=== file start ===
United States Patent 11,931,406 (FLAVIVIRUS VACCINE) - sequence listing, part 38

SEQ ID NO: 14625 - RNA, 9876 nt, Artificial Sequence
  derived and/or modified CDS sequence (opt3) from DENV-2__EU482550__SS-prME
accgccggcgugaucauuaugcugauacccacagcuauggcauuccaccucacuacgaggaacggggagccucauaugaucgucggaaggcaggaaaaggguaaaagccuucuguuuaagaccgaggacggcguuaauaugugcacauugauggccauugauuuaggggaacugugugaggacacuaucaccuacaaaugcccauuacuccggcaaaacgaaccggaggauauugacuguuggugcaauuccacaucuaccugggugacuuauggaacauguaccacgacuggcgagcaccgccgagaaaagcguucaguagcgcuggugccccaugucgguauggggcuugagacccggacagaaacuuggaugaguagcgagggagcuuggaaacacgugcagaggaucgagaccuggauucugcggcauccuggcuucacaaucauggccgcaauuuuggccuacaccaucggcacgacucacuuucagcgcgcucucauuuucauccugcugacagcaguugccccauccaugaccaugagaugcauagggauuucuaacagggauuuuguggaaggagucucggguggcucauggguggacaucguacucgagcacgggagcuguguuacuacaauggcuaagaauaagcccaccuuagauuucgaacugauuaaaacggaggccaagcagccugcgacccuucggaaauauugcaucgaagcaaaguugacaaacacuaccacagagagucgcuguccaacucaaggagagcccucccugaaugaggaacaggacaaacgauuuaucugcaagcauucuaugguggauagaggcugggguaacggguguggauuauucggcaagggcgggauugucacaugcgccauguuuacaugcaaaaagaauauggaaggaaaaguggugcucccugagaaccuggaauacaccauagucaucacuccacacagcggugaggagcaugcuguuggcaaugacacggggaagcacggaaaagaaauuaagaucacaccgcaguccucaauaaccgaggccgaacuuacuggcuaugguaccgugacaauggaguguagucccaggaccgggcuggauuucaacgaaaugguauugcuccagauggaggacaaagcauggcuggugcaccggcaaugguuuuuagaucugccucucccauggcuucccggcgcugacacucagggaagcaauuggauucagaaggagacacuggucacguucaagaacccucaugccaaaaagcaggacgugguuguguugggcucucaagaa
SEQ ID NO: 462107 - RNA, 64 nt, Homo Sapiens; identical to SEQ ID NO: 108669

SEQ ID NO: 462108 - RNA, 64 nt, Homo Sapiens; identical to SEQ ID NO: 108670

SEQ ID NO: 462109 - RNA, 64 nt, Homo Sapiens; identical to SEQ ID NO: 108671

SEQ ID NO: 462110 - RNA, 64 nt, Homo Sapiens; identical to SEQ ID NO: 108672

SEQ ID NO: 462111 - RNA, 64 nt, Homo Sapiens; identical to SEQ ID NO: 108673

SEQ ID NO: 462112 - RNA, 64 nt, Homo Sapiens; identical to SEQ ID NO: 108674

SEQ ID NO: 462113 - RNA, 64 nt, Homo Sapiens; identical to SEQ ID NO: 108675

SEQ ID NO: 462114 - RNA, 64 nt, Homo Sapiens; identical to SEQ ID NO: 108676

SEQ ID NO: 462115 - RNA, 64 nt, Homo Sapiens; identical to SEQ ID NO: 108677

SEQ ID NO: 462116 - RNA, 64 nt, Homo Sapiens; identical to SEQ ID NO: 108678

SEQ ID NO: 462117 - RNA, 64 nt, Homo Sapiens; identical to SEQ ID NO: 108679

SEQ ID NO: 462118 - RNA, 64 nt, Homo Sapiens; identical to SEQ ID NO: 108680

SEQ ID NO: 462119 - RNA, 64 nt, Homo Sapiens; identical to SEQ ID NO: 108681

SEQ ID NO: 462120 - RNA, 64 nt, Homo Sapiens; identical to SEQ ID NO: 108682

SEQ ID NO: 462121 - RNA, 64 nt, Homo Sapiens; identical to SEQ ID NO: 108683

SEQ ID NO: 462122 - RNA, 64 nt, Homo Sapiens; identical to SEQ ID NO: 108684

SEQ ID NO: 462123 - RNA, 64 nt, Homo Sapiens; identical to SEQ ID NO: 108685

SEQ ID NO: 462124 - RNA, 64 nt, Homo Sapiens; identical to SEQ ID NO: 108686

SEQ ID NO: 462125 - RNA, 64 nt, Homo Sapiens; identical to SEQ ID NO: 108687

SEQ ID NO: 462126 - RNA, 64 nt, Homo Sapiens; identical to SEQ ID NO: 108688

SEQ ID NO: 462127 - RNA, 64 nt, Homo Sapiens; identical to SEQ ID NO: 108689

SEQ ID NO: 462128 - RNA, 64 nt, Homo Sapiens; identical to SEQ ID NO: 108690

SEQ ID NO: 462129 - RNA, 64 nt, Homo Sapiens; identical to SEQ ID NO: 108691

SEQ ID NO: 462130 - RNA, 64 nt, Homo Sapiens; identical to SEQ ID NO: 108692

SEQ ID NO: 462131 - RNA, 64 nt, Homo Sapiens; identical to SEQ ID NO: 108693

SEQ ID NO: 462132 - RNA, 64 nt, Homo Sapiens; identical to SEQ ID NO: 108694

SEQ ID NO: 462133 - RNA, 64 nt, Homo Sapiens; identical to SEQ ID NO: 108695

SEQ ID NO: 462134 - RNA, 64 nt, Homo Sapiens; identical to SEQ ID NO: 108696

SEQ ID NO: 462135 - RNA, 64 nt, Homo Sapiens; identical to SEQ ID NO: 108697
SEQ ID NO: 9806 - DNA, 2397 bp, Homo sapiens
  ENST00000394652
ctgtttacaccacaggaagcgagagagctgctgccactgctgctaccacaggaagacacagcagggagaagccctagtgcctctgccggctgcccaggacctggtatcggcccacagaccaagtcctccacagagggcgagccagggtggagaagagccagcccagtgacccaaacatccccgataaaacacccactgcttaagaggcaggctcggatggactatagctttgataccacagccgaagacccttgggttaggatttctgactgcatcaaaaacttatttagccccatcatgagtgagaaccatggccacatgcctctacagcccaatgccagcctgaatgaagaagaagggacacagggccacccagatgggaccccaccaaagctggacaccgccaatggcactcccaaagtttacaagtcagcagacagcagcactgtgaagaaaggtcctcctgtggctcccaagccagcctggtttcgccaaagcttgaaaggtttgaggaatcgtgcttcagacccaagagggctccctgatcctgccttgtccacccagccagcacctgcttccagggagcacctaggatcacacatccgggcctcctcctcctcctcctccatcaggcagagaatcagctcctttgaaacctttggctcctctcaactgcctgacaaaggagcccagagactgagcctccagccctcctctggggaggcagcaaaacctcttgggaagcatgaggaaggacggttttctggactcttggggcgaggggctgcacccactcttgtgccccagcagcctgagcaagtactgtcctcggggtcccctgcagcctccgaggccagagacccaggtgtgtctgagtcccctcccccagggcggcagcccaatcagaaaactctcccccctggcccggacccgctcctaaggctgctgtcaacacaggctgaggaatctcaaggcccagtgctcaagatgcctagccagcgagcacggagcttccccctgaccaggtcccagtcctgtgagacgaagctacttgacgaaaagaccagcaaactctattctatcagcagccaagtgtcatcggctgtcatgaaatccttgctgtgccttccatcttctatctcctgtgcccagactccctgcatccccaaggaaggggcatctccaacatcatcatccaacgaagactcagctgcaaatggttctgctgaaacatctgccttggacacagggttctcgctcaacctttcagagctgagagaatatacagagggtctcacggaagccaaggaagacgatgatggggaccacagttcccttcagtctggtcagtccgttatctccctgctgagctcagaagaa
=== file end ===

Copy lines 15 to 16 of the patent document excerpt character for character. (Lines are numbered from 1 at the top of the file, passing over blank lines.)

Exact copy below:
SEQ ID NO: 462117 - RNA, 64 nt, Homo Sapiens; identical to SEQ ID NO: 108679

SEQ ID NO: 462118 - RNA, 64 nt, Homo Sapiens; identical to SEQ ID NO: 108680